The Coalition for the Future of Detroit Schoolchildren is pushing hard to publish a set of recommendations for improving Detroit schools by the end of March.
The group is gathering feedback from community and key leaders over a 90-day period to find solutions for a district hit hard by a dwindling population, and a fractured school landscape.
Skillman Foundation President Tonya Allen says Detroit is home to the country's poorest urban children, and the city's population has fallen by about 40% over the last 20 years. Debt has piled up while a pattern of frequent school openings and closings have made it difficult to deliver consistent services or achieve a balance of supply and demand for schools in neighborhoods.
"For the last 20 years or so we have not really addressed the problem. We have just pushed it into the future," Allen says. She believes that addressing problems in governance and finance alone won't be enough to improve academic achievement in the district, which she says is, "bottom of the barrel."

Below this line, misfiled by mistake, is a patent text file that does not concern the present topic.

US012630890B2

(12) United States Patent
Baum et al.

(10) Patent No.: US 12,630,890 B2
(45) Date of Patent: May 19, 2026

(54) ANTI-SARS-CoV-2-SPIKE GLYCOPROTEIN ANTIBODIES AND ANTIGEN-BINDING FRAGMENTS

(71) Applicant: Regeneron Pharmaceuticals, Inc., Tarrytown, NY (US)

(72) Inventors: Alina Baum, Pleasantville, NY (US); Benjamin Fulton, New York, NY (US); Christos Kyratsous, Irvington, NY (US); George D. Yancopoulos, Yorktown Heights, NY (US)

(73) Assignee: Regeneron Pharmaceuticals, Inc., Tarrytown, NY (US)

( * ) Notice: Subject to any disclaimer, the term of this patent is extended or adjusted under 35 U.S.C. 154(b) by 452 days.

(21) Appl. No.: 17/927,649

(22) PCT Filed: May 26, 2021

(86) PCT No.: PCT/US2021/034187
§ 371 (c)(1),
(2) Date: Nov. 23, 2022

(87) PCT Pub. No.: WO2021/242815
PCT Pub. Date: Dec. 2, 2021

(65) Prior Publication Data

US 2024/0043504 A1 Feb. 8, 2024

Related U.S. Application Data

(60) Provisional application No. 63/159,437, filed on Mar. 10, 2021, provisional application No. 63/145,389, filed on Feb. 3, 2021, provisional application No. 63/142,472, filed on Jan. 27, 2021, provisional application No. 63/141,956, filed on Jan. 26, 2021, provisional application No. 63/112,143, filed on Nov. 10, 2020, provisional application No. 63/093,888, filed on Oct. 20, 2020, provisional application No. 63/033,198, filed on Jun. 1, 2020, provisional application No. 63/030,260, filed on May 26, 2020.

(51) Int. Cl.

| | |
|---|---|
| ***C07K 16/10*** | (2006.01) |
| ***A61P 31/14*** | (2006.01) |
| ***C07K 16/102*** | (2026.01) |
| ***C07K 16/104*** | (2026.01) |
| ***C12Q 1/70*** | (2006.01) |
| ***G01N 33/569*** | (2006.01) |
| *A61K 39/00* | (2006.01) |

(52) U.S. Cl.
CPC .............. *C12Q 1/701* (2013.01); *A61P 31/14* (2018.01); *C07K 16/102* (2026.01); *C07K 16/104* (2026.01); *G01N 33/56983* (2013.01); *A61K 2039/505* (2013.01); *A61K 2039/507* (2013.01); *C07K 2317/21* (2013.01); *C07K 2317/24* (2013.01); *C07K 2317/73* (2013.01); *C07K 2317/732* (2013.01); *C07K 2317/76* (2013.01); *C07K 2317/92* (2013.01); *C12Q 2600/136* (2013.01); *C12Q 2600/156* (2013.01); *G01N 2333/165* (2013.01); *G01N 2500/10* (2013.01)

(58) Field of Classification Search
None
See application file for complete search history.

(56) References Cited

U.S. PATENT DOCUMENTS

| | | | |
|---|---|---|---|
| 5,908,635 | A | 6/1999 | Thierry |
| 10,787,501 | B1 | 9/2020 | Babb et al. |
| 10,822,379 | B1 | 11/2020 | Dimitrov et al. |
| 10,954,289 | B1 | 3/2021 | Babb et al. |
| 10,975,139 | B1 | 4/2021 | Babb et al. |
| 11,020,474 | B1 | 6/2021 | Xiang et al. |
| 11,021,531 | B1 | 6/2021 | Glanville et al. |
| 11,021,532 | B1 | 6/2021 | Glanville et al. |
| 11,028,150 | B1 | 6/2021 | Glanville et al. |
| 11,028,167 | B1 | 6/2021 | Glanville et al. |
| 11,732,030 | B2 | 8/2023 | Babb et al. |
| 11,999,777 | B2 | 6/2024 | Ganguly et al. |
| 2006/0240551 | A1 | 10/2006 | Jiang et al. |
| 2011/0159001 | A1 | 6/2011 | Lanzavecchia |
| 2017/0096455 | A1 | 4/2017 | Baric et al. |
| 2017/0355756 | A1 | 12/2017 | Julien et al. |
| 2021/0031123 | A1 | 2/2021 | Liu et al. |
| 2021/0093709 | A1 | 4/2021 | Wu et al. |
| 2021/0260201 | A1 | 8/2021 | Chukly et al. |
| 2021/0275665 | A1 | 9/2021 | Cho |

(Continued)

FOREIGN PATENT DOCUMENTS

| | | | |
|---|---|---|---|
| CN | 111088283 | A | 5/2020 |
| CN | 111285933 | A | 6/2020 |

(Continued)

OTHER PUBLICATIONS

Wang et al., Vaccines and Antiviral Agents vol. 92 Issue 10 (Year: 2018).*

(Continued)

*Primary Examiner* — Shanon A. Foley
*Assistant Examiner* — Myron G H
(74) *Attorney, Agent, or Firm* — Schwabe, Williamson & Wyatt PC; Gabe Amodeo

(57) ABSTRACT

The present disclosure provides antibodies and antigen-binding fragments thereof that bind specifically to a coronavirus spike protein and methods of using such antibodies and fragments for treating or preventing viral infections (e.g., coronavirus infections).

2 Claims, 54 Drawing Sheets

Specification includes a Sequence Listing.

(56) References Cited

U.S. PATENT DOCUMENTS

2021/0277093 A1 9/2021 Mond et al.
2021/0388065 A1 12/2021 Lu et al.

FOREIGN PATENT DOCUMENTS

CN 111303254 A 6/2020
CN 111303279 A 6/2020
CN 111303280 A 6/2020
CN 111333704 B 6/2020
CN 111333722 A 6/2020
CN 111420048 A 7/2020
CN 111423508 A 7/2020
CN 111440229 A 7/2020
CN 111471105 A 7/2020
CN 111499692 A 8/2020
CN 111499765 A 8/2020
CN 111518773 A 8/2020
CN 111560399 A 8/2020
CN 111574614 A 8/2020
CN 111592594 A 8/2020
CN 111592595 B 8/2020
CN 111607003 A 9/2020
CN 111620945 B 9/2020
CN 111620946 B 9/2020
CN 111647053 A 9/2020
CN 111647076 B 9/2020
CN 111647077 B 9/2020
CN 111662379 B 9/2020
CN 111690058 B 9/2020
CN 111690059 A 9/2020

Three of the coalition's six questions focus on a vision of future states for the schools.
"The future state question is really about setting aspirations for us as a community and setting expectations for our schools in conjunction with the teachers and principals and administrators, about what we want for our kids, what our schools must produce, and really raising the standard about what we should be achieving," Allen says.